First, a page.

Our perceptions can be quite different from the realities of how things are. Each of us has a lens through which we experience the world, shaped by our own lives and experiences, our upbringing, our peers, our social status, our entertainment choices, etc.
This gap between perception and reality is significant when speaking on something already controversial:
- Why do people become homeless?
- What’s the best way to help them?
Let’s look at some common perceptions then compare those perceptions with the realities of homelessness.
Myth: Homelessness Is a Choice
Reality: Homelessness is a result of many factors, the most influential of which are structural faults.
According to the most recent annual survey by the US Conference of Mayors, major cities across the country report the top causes of homelessness among individuals in order as follows:
- Lack of affordable housing
- Mental illness and the lack of needed services
- Substance abuse and the lack of needed services
Myth: Homeless People Don’t Want to Work
Reality: Homeless people do want to work. But there are many intrinsic challenges involved in getting a job and keeping it.
This myth is categorically false.
Many homeless people are employed while homeless, but are unable to afford housing in their city. One recent survey of the San Francisco homeless population documented that 17 percent of the city’s homeless people are currently employed.
As previously documented on Invisible People, many homeless people are well educated and seemingly in a prime position for viable employment, but struggle to find opportunities to ply their trade.
Regarding their desire to work, the popular sentiment goes something like this: If they really wanted to work, they would be. The Los Angeles Times found that of the homeless individuals surveyed, “nearly 60 percent are working or actively looking for a job.”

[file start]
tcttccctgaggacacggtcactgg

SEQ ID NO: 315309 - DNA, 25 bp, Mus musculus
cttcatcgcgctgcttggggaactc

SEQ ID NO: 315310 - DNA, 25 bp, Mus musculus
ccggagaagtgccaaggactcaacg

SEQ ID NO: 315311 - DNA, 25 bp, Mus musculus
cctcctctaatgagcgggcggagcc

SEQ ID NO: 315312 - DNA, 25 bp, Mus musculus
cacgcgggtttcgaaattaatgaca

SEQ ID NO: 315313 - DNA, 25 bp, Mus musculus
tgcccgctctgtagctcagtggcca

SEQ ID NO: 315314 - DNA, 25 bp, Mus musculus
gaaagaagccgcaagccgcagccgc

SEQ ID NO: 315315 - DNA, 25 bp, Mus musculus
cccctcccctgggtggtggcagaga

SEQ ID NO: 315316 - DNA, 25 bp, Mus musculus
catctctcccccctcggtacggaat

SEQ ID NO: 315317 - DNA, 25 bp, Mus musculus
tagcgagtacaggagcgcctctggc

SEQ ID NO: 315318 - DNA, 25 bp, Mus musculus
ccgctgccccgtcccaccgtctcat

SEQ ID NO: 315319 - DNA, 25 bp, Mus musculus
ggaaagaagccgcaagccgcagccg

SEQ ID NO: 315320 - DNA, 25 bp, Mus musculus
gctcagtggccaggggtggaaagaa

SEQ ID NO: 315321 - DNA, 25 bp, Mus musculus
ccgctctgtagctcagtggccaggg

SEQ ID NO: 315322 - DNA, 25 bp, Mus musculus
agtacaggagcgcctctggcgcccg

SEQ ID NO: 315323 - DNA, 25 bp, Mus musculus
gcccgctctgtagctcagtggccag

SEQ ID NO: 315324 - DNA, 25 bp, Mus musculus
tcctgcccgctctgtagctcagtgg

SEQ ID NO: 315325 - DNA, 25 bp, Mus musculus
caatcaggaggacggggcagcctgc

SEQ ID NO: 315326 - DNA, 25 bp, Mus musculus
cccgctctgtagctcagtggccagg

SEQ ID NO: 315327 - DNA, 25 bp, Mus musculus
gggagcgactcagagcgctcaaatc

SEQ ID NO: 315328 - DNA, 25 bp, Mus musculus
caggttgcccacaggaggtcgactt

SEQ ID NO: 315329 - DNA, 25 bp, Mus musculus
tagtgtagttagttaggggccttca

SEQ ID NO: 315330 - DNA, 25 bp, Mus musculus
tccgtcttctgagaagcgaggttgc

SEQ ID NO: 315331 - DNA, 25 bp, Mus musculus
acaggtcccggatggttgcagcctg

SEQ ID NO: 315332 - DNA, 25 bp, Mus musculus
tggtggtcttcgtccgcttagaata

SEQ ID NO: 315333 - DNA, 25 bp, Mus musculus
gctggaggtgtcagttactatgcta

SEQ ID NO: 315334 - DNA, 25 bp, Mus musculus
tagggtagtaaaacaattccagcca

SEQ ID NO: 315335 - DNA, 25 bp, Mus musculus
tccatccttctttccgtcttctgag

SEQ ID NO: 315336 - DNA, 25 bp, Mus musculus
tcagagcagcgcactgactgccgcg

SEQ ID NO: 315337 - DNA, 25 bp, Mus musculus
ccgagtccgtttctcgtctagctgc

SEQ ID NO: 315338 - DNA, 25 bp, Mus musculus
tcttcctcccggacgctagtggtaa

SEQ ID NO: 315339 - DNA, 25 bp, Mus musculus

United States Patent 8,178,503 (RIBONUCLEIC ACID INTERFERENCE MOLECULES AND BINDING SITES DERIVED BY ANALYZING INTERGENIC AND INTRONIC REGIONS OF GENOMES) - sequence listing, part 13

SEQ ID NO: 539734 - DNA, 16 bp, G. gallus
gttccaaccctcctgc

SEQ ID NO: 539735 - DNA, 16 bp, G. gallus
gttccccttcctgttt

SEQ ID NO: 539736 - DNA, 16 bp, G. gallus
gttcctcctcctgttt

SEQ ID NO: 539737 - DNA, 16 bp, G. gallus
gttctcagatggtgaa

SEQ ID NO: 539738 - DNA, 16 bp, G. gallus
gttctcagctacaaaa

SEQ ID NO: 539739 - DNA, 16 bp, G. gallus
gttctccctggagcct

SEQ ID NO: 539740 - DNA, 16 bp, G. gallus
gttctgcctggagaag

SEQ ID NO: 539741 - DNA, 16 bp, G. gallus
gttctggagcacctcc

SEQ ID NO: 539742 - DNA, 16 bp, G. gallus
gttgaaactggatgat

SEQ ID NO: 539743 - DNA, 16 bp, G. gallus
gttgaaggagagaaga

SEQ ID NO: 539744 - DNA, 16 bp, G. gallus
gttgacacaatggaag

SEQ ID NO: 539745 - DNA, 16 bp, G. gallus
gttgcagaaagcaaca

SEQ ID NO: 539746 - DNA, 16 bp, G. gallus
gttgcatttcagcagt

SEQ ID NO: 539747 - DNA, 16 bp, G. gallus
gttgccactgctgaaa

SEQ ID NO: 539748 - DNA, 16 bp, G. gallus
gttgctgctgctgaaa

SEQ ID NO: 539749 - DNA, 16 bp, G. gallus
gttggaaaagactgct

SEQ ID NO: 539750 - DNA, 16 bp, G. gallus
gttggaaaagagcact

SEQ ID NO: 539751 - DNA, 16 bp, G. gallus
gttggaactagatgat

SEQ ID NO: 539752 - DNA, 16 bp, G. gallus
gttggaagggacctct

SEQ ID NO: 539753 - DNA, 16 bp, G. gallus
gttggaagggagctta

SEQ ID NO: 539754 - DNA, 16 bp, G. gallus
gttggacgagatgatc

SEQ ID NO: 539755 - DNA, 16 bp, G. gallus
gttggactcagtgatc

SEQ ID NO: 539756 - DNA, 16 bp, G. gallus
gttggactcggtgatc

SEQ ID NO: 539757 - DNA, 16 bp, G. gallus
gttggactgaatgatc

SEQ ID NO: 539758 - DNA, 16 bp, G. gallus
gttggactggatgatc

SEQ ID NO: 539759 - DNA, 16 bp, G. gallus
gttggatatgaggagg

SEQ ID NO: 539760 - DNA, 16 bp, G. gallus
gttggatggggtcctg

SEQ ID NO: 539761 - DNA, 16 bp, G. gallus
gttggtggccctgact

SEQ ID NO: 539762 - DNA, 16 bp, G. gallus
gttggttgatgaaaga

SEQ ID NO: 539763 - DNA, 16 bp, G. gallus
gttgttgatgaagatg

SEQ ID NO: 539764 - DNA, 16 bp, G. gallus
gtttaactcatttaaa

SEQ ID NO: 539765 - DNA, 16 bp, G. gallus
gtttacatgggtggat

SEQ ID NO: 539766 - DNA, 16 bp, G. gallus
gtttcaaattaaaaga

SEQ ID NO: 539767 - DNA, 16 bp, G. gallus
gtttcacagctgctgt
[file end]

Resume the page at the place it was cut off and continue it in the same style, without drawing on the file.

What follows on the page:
And why wouldn’t they want to work? Every day on the street is a struggle. It’s a struggle to find food and secure sleep, a struggle to keep themselves and their property clean, a struggle to stay healthy. Homeless people are acutely aware that employment is the answer to a large chunk of the issues they face daily. But while a job is the answer, homelessness is ironically the barrier to securing said employment.
Myth: Homeless People Are Drug Users and/or Mentally Ill
Reality: Many homeless people do not suffer from either of these issues. Similar to demographics within the general population, some homeless people suffer from substance abuse and/or mental illness.
This is a big one. A 2018 study revealed that 88.2% of people surveyed believed that mental illness contributed to homelessness, with another 88.4% viewing drug and alcohol abuse as the main contributor.
As previously mentioned, mental illness and substance abuse rank low as causes of homelessness. They are well below the lack of affordable housing, unemployment, and poverty.
This isn’t to say that mental illness isn’t a significant player in homelessness. A survey in 2015 concluded that some 25 percent of American homeless people were mentally ill. But what is shocking is the stark contrast between how many of America’s homeless people are mentally ill (25%) versus the public perception (88.2%).
The percentage of homeless substance abusers, which studies show to be 26 percent, is also far below public perception. Another wrinkle is whether that percentage reflects the amount of homelessness caused by substance abuse, or merely a result of homelessness. The National Coalition for the Homeless states that “substance abuse can be both the cause and the result of homelessness, and that many people begin abusing alcohol or drugs after losing their homes.”
Myth: It’s Too Expensive to House Homeless People
Reality: Housing homeless people is more cost-effective than supporting someone who is chronically homeless.
Studies show that using a “housing first” philosophy has resulted in reduced numbers of homeless people and is proven to be fiscally responsible. Housing first reduces hospital admissions and police interventions. Health care costs also drop dramatically for people who are provided with supportive housing.
Beyond saving taxpayer dollars, housing previously homeless people empowers them to rise to the challenges of finding stable employment, addressing health issues, and escaping violence from life on the streets. People in supportive housing are in a better position to contribute to society.